Fellow electoral politics novice Barry Shapiro presented a declinist view of the southern part of the district. Shapiro, a retired former American Express employee, said he entered the race as a response to these developments. “The reason I’m running is that for the past 10 years I’ve been pretty disappointed in what’s been happening in Stuyvesant Town, Peter Cooper Village, the way our community has been treated, the way in which apartments have been partitioned, the way in which many aspect of quality of life has gone down,” he said.
In addition to the political outsiders, Marti Speranza, who has served as director of Women Entrepreneurs NYC, and Democratic State Committeewoman for the overlapping 74th Assembly District, is also vying for the seat. Speranza is branding herself a staunch protector of low-income New Yorkers and progressive values in the wake of the 2016 presidential election. “Our city is a sanctuary for immigrants, for women, for the LGBT community, for working families, and we must spare no effort in keeping it that way,” she says on her campaign website.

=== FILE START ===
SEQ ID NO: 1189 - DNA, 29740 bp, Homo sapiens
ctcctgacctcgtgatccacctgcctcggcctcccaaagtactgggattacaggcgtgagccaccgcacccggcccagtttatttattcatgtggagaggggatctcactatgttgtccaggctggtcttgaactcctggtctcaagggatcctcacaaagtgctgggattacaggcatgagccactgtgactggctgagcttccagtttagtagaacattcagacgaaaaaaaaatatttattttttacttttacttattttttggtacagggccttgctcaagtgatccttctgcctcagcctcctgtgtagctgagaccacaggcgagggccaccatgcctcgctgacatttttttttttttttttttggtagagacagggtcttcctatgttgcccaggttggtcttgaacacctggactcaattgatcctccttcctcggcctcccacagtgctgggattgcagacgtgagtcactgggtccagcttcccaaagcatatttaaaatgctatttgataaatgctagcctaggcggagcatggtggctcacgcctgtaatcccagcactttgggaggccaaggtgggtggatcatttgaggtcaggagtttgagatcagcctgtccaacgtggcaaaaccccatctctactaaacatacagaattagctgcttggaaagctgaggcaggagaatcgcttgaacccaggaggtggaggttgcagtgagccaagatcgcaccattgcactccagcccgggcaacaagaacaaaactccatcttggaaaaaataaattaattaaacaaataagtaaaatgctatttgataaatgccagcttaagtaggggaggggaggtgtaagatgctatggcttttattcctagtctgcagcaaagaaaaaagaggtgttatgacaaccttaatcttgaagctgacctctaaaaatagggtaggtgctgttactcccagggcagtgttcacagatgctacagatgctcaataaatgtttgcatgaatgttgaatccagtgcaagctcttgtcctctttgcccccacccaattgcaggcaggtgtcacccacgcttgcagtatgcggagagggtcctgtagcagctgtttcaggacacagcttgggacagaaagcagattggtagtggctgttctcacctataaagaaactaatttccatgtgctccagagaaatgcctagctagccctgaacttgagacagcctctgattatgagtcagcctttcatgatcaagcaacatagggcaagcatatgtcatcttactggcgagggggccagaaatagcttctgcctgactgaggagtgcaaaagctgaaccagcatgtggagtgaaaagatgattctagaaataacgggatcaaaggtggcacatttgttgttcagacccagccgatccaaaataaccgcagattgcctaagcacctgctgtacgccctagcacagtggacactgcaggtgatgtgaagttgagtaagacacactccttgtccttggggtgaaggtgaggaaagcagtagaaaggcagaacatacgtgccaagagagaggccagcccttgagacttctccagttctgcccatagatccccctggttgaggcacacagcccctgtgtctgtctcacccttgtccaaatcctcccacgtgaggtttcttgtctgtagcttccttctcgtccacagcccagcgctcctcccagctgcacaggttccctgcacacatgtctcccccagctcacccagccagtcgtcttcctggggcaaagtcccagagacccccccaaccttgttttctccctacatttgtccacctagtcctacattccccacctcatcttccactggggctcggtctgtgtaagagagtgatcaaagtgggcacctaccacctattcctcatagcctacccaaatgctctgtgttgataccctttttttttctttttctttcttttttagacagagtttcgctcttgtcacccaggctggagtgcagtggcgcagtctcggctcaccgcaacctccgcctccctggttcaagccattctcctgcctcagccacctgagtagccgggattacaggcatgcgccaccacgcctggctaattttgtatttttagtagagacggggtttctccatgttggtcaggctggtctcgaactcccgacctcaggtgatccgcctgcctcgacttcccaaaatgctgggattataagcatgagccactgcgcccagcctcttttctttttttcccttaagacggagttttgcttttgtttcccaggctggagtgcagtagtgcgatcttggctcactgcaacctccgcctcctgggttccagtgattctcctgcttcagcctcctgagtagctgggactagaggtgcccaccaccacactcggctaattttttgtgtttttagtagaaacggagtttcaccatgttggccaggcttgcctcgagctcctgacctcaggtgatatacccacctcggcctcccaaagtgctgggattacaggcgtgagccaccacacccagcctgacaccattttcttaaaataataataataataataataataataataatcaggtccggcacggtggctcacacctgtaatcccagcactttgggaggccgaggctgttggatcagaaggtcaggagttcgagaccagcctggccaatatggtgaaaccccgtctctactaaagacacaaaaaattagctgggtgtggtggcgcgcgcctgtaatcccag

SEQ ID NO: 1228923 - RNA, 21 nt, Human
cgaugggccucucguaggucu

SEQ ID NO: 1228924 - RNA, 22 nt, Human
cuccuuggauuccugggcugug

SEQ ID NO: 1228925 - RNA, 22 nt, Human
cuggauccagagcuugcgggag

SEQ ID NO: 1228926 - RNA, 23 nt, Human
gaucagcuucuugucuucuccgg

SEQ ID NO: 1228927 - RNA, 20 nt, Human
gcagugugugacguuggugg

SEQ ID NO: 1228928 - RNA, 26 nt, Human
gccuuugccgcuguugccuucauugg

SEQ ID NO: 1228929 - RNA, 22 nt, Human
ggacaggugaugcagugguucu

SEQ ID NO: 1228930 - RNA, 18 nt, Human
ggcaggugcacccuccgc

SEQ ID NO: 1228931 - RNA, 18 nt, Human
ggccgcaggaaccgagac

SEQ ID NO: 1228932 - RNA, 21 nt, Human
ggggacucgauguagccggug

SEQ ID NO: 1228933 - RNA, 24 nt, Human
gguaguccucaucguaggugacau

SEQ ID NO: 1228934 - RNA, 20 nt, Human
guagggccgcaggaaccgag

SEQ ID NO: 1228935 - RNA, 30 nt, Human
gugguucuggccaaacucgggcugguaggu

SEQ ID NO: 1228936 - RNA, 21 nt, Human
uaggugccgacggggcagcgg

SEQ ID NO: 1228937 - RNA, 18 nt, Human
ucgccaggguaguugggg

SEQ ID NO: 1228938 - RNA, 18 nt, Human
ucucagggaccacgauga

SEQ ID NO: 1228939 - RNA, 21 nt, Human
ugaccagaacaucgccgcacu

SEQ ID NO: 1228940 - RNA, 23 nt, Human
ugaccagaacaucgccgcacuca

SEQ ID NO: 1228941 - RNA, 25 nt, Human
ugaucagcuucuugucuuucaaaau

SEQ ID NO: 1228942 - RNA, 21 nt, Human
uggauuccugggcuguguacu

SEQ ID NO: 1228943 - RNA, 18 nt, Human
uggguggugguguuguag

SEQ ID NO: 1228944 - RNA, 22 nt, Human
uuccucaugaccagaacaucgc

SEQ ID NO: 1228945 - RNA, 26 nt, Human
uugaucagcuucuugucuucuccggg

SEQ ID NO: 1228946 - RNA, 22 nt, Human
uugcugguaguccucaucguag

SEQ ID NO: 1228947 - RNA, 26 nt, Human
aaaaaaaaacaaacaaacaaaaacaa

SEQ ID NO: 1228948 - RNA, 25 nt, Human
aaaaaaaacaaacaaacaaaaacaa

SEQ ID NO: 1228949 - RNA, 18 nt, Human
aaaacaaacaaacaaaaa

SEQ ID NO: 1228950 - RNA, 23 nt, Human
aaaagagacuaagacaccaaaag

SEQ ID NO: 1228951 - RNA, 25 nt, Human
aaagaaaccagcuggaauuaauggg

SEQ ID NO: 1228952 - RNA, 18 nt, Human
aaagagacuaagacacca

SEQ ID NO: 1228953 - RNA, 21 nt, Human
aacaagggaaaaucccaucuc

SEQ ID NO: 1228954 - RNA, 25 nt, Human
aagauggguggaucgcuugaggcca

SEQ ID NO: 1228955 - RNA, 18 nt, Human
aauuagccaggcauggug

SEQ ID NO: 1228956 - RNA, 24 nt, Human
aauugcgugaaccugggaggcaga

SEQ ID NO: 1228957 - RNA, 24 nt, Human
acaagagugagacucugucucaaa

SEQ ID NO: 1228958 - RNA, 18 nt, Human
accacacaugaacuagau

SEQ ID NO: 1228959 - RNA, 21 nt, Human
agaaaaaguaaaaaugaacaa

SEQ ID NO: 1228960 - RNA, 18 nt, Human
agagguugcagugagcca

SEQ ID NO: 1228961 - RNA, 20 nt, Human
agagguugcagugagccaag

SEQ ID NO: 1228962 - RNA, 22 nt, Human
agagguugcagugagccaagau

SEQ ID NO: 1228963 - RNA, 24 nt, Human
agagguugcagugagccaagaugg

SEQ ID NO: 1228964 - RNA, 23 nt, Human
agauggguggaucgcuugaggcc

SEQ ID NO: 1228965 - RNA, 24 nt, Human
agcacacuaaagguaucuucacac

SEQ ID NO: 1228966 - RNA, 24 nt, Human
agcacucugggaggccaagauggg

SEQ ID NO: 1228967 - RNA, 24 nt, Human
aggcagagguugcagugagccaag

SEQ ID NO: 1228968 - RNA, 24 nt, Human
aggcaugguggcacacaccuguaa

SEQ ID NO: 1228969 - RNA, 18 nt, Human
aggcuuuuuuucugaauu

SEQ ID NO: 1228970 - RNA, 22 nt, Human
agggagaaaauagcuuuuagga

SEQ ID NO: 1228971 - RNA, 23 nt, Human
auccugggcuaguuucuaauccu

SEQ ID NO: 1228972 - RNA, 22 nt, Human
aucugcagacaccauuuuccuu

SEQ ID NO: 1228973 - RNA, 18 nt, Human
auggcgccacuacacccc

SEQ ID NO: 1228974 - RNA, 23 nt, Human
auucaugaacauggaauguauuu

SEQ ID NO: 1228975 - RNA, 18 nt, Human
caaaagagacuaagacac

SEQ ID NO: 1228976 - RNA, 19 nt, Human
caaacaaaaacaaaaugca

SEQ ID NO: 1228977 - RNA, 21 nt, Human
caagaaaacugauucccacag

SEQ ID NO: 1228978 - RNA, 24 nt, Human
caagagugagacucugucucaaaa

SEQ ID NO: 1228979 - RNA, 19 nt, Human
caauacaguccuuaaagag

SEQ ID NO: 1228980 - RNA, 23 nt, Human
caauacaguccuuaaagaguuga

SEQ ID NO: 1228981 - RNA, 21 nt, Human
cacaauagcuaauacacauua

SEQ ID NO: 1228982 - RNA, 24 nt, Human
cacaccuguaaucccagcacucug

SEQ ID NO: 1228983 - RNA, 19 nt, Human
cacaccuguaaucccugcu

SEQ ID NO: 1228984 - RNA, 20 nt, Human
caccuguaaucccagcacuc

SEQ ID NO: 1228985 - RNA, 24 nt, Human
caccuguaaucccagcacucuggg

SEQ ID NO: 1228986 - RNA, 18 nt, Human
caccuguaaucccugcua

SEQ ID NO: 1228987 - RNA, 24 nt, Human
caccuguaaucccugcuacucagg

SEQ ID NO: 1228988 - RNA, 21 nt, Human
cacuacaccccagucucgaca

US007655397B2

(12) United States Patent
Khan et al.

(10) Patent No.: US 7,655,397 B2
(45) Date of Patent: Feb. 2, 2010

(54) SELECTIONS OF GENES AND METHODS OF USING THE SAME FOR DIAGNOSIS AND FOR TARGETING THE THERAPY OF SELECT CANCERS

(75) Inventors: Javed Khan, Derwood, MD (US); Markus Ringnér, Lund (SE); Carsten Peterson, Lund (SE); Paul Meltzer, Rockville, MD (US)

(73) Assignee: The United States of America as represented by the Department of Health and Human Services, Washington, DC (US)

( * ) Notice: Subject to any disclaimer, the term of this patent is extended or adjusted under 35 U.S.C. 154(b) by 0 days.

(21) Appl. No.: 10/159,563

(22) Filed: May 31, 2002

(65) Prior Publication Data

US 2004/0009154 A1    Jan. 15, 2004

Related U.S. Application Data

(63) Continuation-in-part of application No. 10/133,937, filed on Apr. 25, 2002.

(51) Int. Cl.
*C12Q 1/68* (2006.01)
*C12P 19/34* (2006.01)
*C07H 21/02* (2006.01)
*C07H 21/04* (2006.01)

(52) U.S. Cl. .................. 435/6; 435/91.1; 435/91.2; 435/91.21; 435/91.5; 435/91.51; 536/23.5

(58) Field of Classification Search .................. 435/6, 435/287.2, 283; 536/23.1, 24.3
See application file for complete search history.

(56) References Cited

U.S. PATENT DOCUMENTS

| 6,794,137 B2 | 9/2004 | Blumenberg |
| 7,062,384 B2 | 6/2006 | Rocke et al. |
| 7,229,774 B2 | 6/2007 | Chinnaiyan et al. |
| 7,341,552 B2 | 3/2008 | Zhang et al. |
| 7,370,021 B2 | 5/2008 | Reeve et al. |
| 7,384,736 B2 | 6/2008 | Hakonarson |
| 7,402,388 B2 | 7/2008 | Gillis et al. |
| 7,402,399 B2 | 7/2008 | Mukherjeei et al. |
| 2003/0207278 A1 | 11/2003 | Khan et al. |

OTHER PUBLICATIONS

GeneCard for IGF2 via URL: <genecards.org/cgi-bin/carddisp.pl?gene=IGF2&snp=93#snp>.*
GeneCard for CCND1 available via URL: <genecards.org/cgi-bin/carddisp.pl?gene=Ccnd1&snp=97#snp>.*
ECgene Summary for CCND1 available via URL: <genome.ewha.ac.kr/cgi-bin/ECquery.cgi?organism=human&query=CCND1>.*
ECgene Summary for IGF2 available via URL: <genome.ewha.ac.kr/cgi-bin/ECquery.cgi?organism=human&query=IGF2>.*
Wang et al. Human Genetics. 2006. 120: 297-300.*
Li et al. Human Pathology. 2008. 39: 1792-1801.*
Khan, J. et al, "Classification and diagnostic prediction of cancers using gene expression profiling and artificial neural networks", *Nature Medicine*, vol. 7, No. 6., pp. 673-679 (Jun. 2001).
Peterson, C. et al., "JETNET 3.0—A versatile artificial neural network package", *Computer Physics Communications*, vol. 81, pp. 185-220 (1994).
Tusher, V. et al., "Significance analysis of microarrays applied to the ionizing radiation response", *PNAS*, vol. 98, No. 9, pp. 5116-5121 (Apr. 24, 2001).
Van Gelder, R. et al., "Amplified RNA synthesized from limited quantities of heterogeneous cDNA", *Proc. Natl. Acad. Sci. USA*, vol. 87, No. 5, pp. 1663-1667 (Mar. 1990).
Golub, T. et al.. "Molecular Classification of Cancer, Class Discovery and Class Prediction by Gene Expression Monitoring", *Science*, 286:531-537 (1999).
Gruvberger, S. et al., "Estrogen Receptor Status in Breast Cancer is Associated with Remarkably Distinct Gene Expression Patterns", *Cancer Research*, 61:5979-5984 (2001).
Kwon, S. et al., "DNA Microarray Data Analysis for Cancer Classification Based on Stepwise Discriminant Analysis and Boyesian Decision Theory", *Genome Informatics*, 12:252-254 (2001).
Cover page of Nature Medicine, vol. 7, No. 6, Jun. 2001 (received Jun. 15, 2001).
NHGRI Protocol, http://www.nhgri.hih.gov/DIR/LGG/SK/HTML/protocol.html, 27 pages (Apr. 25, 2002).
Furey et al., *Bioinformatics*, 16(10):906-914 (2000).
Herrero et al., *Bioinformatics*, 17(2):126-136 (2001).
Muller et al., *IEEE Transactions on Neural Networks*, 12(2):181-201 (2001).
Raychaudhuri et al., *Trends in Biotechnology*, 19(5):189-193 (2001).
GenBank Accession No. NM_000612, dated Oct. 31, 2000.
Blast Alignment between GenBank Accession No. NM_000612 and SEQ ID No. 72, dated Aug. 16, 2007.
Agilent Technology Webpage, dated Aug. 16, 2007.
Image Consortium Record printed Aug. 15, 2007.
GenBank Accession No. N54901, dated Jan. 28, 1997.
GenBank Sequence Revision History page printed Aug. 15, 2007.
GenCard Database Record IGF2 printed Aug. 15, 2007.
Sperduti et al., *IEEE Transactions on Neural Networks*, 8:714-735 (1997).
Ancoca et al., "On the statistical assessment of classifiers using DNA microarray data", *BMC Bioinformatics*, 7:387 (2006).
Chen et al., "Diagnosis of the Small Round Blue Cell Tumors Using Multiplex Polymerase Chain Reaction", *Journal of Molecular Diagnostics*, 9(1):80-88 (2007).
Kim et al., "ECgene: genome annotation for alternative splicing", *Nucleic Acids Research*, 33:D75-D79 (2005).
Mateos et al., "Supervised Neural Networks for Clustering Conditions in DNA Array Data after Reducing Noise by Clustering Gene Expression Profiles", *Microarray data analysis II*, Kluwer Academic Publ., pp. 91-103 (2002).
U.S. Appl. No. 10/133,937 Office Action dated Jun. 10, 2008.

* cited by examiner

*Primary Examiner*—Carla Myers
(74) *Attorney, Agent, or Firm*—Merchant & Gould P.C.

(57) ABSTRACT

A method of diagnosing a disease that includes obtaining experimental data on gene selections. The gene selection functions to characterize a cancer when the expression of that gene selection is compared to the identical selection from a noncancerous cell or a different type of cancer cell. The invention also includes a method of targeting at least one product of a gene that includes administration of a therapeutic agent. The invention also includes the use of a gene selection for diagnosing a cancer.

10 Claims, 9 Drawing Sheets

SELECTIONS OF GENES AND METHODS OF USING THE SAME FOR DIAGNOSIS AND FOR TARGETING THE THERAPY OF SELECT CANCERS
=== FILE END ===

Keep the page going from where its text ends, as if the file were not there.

As of the most recent filing period, which ended May 11, Speranza was atop the field in funds after raising over $176,000, with over $111,000 cash on hand, giving her a financial advantage as the race heads into full swing leading to the September 12 primary. In a heavily Democratic district, the primary winner is highly likely to win the general election.